Coronavirus and your AGM - some things to consider

Date: 01 April 2020

Author: Craig Beeston, SGA Programme Manager, The Chartered Governance Institute

The current Covid-19 pandemic is exercising people, society and companies in many different ways. The holding of your organisation’s annual general meeting may seem comparatively low on the list of priorities when compared with the wider upheaval to life caused by Coronavirus, but it is a statutory requirement for many and is at the forefront of the minds of company secretaries and governance leads across the sector as AGM season approaches.

The outbreak has significantly disrupted work plans and habits, and the nationwide lockdown now prohibits gatherings of more than two people. Attendance by a shareholder or member at a general meeting (other than one specifically required to form a quorum) does not qualify as being essential for work purposes. Many venues booked to hold meetings are currently closed and may still be by the time meetings are due to take place. Non-essential travel is punishable by a fine or even arrest. Plus, the particular risks which the Coronavirus poses to certain demographics may prompt organisations to give consideration to those who may be among their most active members.

Consequently, AGM plans have been thrown into turmoil and the prospects for clarity on when meetings may be held – certainly in a traditional format – seem uncertain.

The Charity Commission had already announced that it will take a ‘flexible and pragmatic’ approach to charities experiencing problems as a result of the pandemic, recognising the difficulties in filing returns and accounts and holding meetings. It acknowledged that some charities may have no choice but to cancel or postpone AGMs and other meetings and advised that trustees should record any such decision in order to demonstrate good governance of the charity. The Office of the Scottish Charity Regulator similarly said it would be ‘understanding and proportionate’ where charities did not hold an AGM and so were not in fulfillment of their governing documents.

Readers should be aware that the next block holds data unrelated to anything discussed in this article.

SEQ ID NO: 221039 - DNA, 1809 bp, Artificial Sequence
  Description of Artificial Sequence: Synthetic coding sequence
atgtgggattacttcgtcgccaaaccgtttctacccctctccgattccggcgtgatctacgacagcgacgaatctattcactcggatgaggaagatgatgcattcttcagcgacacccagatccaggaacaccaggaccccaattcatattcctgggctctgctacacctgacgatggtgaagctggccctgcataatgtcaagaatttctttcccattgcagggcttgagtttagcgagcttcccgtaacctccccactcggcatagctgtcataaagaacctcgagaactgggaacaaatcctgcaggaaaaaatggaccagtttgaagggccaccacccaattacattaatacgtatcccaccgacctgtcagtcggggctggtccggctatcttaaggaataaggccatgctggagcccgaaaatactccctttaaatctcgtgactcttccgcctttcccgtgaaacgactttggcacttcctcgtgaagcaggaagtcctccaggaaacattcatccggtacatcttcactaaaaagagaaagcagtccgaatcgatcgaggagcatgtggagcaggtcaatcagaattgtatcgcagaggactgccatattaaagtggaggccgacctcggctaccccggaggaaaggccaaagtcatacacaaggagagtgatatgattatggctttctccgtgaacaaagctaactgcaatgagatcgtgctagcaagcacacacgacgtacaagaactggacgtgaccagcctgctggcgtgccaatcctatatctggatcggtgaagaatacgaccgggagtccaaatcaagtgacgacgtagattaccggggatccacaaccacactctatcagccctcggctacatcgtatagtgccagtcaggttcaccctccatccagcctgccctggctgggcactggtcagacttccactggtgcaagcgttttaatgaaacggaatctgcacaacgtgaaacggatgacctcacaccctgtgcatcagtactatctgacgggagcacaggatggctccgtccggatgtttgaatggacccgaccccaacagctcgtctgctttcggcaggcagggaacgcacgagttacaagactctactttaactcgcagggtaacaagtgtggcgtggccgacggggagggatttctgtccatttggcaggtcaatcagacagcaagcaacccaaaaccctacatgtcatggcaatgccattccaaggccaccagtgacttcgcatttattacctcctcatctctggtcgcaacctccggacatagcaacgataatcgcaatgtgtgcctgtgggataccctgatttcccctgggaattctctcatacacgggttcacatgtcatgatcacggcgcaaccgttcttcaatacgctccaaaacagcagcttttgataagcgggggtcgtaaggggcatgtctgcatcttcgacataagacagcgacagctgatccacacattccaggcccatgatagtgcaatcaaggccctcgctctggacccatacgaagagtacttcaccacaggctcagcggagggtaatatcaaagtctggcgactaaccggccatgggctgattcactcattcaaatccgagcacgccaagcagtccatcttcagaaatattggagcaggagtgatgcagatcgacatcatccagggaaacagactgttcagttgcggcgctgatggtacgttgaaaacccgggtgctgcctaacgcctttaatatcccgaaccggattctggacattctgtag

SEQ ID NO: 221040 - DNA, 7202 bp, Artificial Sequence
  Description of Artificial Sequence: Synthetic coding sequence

Companies do not have such flexibility, but at the weekend, the Business Secretary, Alok Sharma, announced that legislation would be introduced granting greater flexibilities for companies, including holding AGMs online or postponing them.

This all presents difficulties for organisations, uncertain as to if or when they can hold their AGM or faced with the prospect of doing so in an unfamiliar way.

Time spent planning – and seeking advice – is always time well spent, but will be particularly important now, particularly as some organisations are facing a narrow time window before their meetings must be held. While the contents of the legislation to come is not yet known, boards and governance leads will be weighing up their contingency plans.

The options available to organisations facing these issues are determined by two things: the law and their governing document. Careful reading of both before deciding what steps to take is absolutely essential.

Public companies must hold an AGM within six months of their financial year end. Private companies that are traded companies must do so within nine months, unless otherwise stated in their Articles of Association. Under the Companies Act 2006, private companies that are not traded companies are not obliged to hold AGMs, though some may be required to do so by their Articles.

This is inevitably a pressing concern for companies, particularly those which had 31 December 2019 as their most recent ye

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